We I (I am the master trip planner in the household) had to trip plan ahead of time and we knew we wanted to go to the Daily Journal Annual Meeting to see Charlie Munger and so we booked 2 nights in San Diego around the time of the meeting. It is usually near Valentine’s Day in February so we booked around then since San Diego is about a 2-hour drive to Los Angeles, where the meeting is held. We had to send a bank draft to the reservation company of $20.24 USD to pay the taxes to guarantee the booking.
The other voucher was more of a headache (this is an understatement). The 4 Nights Tropical Adventure voucher was for places like the Grand Cayman, Oahu, Maui, Orlando, Cancun, and the Bahamas. We were planning to go to Hawaii with the baby and I have never been to Maui (my husband has) so we picked Maui. For this voucher (it is a different booking company) we put in our choice of destination and TWO separate travel dates. Then you get confirmation THREE WEEKS beforehand (you get empty hotel rooms hence the short notice).
This was a gamble.
The whole process caused a bit of anxiety for the 9 months. We paid another $50 USD bank draft with no guarantee that we would get these 4 nights in Maui. The voucher expires 1 year from the date of application. We were prepared to forfeit the $50 because the likelihood of us getting 4 nights in Maui in December was pretty low. This was the gamble.
So I called 3 weeks before our intended dates and low and behold, we got rejected again from FastTrack Promotions and had to give some other travel dates. Then the nice lady on the phone said that we could actually book our own trip ourselves if we want to go to Mexico instead of Hawaii and you get confirmation right away. Anyway long story short, we secured 4 nights in Mazatlan, Mexico for February.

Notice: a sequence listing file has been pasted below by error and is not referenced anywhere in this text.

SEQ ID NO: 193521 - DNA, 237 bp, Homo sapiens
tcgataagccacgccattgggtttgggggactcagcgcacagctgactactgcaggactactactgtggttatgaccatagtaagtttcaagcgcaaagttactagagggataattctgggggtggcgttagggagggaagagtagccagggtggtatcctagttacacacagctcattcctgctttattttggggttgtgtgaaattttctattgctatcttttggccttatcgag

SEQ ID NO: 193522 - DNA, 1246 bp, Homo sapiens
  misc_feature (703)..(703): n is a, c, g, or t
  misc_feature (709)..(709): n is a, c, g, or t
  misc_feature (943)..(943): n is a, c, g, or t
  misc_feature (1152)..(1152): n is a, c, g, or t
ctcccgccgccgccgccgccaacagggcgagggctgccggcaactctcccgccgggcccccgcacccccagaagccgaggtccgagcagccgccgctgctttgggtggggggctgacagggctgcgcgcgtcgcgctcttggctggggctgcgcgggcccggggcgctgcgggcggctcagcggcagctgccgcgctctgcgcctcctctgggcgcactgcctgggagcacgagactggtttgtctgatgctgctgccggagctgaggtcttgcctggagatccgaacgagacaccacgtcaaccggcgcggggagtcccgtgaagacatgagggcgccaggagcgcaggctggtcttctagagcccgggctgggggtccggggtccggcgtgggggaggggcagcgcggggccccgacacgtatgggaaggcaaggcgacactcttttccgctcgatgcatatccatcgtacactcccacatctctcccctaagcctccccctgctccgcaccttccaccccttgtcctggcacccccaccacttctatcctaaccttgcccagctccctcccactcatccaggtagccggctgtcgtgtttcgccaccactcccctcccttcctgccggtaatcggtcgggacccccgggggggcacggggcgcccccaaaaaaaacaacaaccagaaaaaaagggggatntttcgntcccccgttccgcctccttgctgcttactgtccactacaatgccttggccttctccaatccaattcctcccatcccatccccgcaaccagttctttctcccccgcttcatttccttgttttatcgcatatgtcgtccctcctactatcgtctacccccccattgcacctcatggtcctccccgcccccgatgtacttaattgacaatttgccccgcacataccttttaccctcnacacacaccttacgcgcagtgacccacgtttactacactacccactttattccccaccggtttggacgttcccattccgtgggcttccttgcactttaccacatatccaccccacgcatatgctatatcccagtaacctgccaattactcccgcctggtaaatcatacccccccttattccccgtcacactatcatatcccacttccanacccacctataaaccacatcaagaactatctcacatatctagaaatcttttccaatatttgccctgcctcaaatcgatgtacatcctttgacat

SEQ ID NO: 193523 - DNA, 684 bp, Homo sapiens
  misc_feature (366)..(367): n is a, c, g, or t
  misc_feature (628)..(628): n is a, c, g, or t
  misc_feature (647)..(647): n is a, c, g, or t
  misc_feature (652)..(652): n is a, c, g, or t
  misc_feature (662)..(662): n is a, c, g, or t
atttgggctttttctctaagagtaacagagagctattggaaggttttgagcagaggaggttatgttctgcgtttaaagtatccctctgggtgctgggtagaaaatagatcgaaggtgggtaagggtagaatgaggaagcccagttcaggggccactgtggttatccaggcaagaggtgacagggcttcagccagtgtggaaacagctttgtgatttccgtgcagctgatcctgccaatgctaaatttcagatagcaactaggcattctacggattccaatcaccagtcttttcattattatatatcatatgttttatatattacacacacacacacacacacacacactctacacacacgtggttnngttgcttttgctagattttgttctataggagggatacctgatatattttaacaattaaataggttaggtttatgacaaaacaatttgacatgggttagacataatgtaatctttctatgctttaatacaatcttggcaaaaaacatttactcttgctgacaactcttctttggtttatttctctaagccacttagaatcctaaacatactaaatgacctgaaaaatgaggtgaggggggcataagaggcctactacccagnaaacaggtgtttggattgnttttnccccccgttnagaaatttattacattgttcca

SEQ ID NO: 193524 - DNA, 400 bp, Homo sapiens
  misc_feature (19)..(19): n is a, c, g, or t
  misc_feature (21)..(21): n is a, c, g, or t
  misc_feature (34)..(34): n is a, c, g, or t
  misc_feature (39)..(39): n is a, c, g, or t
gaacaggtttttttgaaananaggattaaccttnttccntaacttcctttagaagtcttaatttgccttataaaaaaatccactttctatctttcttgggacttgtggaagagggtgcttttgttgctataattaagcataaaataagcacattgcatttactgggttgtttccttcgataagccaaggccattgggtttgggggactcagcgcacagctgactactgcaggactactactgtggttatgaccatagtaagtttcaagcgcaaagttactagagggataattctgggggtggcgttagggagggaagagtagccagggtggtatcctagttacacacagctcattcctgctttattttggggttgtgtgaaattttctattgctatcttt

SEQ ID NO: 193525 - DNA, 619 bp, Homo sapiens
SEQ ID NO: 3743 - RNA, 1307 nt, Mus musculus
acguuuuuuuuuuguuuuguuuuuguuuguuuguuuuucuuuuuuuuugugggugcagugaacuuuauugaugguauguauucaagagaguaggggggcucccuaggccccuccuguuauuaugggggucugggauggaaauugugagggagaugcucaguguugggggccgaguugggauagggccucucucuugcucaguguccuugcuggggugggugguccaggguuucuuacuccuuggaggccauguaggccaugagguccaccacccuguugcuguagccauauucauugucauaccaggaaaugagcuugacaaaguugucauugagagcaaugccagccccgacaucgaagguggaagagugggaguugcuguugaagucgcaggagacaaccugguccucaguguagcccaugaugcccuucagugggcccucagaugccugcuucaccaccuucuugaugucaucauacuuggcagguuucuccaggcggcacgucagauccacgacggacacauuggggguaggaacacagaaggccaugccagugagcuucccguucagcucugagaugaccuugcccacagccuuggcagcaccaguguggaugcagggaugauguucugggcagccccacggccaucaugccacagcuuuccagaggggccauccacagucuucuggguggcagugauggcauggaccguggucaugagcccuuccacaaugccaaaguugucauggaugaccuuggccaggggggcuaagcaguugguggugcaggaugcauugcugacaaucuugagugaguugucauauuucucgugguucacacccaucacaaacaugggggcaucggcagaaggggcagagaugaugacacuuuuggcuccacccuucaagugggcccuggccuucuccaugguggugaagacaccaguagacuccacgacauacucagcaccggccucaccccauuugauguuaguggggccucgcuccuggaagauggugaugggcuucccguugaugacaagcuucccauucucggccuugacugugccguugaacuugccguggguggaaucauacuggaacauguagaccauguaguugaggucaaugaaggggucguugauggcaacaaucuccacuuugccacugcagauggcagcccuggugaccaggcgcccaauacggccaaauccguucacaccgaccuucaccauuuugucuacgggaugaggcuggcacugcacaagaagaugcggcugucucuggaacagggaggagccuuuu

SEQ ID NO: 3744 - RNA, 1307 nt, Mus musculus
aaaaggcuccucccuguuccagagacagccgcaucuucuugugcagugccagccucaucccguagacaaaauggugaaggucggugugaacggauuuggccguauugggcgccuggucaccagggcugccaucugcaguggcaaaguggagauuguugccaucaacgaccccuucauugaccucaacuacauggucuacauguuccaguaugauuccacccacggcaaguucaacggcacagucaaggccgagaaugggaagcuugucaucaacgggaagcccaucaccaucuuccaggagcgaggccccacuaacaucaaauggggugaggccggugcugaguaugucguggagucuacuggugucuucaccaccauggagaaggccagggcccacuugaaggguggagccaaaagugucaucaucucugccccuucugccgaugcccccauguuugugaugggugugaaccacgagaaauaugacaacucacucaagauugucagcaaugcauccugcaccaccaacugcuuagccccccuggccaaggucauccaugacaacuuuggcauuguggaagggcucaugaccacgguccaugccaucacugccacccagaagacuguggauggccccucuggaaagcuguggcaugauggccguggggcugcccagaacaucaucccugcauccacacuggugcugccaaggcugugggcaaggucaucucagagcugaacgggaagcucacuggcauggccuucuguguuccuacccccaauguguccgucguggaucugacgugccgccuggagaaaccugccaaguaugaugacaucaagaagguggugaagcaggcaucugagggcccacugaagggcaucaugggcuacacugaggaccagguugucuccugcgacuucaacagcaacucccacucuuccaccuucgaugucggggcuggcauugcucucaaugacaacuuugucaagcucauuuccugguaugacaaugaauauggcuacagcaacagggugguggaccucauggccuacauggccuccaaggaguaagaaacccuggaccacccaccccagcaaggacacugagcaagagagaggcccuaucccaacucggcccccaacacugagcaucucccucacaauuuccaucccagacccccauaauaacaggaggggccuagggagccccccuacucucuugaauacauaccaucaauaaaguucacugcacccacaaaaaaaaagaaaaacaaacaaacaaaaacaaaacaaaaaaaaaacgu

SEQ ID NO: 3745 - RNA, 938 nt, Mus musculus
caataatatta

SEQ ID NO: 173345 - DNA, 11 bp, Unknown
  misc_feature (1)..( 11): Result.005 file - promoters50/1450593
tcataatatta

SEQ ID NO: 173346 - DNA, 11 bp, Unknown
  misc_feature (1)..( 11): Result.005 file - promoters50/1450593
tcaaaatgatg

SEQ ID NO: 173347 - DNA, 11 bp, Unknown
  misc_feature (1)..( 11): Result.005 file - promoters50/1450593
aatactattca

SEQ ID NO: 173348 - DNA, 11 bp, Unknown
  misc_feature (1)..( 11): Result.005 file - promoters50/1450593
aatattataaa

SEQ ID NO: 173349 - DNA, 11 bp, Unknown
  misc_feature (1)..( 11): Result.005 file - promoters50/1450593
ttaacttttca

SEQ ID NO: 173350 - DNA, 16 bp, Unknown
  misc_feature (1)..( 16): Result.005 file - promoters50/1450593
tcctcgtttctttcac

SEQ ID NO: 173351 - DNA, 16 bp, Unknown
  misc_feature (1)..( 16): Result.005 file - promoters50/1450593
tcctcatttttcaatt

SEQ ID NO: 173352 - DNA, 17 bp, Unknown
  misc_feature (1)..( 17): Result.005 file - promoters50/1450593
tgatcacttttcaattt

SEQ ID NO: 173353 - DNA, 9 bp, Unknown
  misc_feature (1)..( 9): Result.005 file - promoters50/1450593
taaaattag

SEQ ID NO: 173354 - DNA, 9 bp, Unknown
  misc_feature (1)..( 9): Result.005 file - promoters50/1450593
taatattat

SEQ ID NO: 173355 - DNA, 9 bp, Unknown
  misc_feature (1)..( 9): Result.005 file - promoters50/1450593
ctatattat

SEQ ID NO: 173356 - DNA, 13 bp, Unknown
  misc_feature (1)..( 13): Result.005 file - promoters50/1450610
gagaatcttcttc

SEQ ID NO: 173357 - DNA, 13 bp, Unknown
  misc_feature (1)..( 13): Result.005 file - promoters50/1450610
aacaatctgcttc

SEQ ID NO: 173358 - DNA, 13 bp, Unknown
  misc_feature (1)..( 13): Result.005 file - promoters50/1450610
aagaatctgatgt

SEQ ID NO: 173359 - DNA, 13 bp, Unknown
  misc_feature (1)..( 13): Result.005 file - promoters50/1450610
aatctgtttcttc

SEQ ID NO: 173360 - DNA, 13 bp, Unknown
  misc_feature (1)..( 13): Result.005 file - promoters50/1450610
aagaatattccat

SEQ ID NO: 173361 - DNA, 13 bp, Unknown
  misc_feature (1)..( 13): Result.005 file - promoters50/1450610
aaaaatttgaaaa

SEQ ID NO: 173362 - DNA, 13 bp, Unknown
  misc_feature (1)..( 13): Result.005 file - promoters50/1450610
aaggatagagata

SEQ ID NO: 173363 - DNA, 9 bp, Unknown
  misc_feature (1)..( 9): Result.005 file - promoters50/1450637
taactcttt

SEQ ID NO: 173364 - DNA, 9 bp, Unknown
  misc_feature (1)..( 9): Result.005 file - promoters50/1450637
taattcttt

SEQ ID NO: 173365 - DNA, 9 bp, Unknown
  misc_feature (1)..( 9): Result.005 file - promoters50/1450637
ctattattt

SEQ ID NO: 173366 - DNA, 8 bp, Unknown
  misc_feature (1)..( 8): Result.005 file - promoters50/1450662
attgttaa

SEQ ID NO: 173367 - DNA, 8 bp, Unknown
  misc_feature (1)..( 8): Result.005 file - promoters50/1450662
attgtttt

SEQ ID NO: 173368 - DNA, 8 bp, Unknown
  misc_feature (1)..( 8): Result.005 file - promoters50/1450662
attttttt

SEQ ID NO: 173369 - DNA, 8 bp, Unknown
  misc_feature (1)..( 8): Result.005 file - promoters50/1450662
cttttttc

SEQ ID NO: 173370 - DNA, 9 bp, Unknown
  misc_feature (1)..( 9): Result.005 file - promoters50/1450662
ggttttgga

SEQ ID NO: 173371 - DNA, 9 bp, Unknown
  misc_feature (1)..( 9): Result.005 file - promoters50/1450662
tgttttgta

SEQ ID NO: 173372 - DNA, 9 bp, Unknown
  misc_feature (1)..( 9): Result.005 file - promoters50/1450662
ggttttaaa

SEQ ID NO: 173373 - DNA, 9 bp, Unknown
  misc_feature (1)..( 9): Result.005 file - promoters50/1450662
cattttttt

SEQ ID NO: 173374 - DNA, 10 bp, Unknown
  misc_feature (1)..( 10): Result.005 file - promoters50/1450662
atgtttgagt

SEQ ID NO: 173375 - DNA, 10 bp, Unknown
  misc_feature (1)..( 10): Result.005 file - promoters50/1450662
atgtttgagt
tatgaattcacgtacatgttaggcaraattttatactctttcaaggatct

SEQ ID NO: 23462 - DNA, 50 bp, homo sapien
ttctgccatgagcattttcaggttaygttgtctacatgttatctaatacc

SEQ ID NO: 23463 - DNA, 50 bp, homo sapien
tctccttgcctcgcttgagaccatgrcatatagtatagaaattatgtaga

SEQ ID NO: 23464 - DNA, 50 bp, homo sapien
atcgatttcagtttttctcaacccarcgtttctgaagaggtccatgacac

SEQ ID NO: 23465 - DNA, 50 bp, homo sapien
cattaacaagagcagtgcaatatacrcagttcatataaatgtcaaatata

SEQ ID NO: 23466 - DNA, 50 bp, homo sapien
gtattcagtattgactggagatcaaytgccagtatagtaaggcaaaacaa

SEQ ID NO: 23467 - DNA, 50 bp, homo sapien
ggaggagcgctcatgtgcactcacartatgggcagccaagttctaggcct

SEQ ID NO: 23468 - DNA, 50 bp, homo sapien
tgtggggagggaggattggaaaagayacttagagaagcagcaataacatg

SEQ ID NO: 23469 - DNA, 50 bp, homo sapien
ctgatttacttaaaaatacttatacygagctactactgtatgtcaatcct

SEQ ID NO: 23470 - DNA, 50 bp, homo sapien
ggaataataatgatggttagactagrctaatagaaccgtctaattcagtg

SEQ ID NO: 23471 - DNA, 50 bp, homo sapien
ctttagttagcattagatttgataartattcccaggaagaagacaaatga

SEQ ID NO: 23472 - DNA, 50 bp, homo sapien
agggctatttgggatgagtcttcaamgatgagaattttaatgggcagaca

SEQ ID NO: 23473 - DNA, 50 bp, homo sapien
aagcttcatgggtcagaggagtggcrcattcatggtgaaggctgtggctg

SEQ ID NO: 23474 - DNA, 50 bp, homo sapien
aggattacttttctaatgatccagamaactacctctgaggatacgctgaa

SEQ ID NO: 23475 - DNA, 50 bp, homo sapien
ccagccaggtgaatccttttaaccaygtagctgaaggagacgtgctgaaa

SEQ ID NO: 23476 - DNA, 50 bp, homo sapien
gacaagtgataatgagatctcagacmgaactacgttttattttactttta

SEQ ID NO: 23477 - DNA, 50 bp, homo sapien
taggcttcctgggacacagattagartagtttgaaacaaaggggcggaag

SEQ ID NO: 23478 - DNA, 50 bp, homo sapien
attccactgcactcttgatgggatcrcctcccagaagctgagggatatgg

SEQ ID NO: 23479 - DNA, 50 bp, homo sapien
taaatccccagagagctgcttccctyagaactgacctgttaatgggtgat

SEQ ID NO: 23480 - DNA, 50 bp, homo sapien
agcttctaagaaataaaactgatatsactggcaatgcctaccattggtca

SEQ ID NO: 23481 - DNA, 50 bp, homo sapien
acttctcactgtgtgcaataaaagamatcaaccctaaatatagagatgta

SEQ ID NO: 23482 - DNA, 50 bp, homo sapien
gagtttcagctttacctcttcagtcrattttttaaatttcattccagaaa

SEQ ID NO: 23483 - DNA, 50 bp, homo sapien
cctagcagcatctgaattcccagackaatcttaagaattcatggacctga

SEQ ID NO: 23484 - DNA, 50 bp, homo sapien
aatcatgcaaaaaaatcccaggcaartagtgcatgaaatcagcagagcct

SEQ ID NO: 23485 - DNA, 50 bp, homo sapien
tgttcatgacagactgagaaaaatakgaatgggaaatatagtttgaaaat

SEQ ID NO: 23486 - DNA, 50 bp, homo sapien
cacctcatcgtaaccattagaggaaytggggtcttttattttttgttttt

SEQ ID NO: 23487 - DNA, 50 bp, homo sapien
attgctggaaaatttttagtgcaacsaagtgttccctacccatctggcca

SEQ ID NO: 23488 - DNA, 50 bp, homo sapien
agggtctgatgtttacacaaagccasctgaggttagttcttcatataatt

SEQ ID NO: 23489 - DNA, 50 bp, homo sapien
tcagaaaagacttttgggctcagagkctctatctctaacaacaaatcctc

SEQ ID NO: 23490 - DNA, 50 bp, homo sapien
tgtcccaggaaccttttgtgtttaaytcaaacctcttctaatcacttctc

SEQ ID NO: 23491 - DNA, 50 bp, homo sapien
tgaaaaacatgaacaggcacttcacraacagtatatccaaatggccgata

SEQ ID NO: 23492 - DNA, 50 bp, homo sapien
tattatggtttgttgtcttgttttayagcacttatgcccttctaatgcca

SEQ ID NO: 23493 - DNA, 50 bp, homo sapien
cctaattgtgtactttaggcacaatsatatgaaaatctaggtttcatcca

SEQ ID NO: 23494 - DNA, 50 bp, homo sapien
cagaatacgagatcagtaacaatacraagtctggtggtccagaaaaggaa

4 nights in Mexico
For the 4 nights in Mazatlan, we stayed in a one bedroom condo/hotel room that was meant for timeshare accommodation. When I checked reviews online, it sounded like there was a lot of pressure from more timeshare salespeople. When we checked in, they asked if we wanted a free breakfast buffet (worth $20 USD per person) to give us the opportunity to show us the new towers they were building. Again, my husband looked interested but thankfully there weren’t enough spots available to give us a timeshare presentation! So we didn’t have to deal with any sales pressure at all.
The place was lovely and spacious and also had a beautiful ocean view and a great kitchen with a cooktop.
2 nights in san diego
For the two nights in San Diego, we stayed in a Best Western. It had free hot breakfast (I love free breakfast! So helpful not to have to search for food in the mornings especially when you’re stuck in baby nap jail). When we checked out we didn’t have to pay anything, it was great.
Related: PC Travel Review
Timeshare PResentations are Worth it
So in essence, timeshare presentations are worth it (if you have no young kids or if you have a baby who can sleep during the presentations). We haven’t been to a timeshare presentation in years because we have young kids, but it was fun while it lasted.
Maybe one day when the kids are older we will try our hand at going to timeshare presentations again. Some people don’t want to spend their vacation at timeshare presentations especially if the vacation is short- and I can understand that.
Readers, do you think a timeshare is worth it?
Have you had any friends or family members ranting or raving about their timeshare?
GYM is a 30 something millennial interested in achieving financial freedom through disciplined saving, dividend and ETF investing, and living a minimalist lifestyle. Before you go, check out my recommendations page of financial tools I use to save and invest money. Don’t forget to subscribe for blog updates, a free dividend yield spreadsheet, and the free Young Money Bootcamp eCourse.